My DEFCON speaker goon, Bushy, introduced himself and I explained my situation in a text editor. The speaker goon’s role is to make get speaker’s where they’re going, help them watch the clock, and make sure everything goes smooth. I attempted to speak, close to Bushy’s ear, to test my voice and indicate that I still had something left. Sadly… I didn’t. My voice was still a terribly hoarse whisper.

We then started the trek to the Penn and Teller theater where I would deliver my presentation.

Bushy asked if I tried hot tea with honey yet. I had tried a few things, but not the hot tea. I signed that I had not. We went to Starbucks where there was an incredibly long line. Bushy jumps right to the front and states “I’ll pay for all of your drinks if you just order a hot tea”. He immediately followed it up with “I have a speaker here who is on in 10 minutes and he lost his voice”. The nice couple at the front of the line immediately put the order in and they refused anyone’s offer to compensate them for the tea.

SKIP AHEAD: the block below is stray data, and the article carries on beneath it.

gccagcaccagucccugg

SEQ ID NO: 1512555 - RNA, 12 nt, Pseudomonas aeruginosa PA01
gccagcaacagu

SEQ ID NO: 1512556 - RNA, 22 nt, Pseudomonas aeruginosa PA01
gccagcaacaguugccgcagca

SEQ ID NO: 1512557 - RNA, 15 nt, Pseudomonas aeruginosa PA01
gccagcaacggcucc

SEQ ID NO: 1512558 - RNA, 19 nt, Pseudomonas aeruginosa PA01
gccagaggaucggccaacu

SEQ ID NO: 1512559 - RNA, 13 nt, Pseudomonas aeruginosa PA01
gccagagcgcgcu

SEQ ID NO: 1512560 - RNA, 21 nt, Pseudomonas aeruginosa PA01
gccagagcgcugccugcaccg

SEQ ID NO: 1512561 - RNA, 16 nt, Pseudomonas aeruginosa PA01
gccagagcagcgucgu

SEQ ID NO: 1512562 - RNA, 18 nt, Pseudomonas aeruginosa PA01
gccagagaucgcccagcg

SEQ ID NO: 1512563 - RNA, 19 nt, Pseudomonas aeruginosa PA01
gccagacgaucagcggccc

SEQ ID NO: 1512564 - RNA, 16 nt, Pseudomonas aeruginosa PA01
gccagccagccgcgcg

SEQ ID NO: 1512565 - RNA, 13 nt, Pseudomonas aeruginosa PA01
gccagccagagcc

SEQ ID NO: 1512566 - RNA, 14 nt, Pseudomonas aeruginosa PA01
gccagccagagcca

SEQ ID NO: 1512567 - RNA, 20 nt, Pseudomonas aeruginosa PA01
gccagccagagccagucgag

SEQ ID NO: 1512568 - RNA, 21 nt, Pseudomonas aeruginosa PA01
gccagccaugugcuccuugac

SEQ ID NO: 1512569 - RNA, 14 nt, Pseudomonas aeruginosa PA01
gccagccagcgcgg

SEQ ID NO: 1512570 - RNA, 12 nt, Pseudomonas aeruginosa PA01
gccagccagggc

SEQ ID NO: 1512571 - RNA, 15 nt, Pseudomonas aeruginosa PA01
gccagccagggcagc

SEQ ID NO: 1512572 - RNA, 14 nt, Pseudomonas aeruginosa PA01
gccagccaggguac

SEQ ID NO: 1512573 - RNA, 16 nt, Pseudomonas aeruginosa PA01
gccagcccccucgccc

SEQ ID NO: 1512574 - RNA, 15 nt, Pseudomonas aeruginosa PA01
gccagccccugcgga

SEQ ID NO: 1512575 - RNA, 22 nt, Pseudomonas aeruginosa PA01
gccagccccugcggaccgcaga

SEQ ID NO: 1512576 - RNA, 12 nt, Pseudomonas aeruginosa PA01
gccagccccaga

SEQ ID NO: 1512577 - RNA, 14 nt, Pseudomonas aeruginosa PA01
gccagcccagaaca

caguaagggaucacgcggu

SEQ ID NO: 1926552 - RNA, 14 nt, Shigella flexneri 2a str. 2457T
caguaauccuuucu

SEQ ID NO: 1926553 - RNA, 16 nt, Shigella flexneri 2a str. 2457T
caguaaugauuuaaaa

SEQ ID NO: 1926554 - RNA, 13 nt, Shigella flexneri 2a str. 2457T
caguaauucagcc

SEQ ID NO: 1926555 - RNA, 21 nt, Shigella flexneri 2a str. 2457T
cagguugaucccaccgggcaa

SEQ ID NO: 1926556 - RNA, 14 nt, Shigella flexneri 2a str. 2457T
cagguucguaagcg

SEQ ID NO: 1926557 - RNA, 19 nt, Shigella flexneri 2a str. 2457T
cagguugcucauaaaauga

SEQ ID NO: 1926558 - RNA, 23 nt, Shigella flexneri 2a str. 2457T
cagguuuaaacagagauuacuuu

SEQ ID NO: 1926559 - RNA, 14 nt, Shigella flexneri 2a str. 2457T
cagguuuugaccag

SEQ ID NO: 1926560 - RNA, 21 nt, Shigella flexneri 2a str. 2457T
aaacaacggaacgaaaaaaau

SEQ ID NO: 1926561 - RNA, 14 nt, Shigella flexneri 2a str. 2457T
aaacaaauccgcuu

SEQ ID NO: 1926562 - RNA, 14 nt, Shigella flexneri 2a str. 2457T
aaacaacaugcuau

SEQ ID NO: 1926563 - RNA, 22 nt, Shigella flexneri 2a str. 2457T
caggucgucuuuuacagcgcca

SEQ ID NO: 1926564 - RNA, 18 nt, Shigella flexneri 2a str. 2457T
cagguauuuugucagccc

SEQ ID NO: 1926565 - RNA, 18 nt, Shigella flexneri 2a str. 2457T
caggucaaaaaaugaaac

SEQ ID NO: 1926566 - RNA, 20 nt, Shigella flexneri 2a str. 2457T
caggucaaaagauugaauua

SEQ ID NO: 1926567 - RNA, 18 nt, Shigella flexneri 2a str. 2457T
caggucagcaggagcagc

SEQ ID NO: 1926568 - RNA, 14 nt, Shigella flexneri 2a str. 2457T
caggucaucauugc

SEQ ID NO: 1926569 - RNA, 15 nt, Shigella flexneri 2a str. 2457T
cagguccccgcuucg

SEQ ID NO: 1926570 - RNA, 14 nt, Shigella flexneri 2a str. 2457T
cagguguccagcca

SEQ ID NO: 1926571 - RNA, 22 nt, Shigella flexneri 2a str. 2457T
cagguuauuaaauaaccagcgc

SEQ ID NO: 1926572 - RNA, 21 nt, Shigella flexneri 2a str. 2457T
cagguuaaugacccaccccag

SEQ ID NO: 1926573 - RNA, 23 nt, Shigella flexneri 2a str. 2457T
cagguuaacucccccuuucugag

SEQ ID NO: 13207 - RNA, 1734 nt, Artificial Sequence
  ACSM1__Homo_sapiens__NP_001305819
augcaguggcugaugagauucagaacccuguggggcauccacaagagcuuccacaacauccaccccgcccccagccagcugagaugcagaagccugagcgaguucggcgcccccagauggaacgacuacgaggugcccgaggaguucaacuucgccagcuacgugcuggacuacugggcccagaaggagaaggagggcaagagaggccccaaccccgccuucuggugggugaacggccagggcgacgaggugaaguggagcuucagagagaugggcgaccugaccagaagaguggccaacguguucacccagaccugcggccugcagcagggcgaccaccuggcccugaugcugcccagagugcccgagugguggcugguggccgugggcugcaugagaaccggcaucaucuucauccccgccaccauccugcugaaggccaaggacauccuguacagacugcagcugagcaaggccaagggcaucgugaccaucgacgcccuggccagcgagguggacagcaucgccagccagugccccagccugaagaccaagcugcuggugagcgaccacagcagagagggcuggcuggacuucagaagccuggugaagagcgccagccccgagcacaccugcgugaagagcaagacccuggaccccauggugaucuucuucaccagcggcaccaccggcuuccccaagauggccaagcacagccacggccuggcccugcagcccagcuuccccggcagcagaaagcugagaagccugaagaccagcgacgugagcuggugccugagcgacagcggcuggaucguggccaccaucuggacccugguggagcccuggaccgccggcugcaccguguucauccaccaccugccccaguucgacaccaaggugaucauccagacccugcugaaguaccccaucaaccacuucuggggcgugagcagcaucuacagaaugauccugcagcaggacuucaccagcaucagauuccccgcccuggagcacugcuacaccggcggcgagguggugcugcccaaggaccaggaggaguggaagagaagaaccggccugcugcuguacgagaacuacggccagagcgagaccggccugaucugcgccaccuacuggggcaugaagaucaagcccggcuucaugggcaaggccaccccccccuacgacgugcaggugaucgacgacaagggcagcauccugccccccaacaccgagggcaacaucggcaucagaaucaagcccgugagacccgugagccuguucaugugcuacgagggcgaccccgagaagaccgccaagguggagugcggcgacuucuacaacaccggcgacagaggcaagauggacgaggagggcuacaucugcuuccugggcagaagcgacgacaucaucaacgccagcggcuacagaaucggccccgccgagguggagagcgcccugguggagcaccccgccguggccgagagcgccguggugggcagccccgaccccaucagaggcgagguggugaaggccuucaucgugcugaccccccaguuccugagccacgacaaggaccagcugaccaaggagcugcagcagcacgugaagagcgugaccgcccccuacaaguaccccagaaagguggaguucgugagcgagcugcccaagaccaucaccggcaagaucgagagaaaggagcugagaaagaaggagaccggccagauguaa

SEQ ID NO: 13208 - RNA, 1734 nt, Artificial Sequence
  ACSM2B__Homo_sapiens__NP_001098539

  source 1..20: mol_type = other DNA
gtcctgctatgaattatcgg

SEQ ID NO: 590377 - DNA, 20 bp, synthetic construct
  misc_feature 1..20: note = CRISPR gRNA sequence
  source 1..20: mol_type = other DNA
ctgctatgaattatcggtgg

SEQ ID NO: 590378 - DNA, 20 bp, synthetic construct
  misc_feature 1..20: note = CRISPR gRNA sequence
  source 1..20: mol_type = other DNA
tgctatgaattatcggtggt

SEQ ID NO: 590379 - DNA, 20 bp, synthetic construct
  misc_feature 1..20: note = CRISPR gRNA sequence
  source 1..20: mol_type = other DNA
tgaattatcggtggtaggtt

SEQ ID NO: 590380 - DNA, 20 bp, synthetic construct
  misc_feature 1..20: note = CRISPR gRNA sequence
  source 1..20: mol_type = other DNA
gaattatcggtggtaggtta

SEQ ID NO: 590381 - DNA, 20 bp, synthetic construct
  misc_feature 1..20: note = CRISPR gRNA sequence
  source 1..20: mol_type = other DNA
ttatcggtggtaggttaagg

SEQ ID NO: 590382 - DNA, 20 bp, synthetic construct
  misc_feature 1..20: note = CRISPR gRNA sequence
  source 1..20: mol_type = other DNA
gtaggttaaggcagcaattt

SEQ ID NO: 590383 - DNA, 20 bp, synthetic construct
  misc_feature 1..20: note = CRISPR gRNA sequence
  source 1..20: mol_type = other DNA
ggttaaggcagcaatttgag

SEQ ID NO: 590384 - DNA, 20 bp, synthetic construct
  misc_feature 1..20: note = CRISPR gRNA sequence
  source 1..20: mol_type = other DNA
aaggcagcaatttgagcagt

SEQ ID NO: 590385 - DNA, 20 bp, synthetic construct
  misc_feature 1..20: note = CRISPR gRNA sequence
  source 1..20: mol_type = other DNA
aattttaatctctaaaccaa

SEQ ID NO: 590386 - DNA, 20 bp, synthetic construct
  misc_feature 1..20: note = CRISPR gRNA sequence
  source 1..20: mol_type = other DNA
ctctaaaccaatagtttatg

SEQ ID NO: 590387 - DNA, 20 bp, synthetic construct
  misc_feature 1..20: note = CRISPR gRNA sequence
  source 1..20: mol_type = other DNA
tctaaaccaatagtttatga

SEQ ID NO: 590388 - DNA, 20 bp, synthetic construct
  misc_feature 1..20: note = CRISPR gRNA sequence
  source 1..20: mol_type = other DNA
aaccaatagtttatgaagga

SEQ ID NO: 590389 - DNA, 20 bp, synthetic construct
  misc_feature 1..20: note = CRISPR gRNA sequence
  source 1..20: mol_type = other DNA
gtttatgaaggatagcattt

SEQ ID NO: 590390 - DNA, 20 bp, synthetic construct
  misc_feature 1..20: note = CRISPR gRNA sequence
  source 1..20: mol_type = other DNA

I added three packets of honey to the tea and drank such a big initial swig that I… burnt my tongue. Desperate times call for desperate measures?

We then proceed to the Penn and Teller theater. As we walk, hotel security keeps stopping me and explaining that I can’t carry a drink. Each time, I had to look back and get Bushy’s attention to intervene on my behalf. I didn’t have the voice to explain myself after all.

The final guard, right before the theater, shook his head and laughed when he learned about the situation.

We then enter the Penn and Teller theater. This theater has two levels and seats about 1,500 people. I don’t know if it was configured differently for DEFCON. This part’s a blur to me. I do know that I approached a real stage, saw the sophisticated lighting gear around me, and as I looked at the tiered seating to my left and right… the theater was nearly full.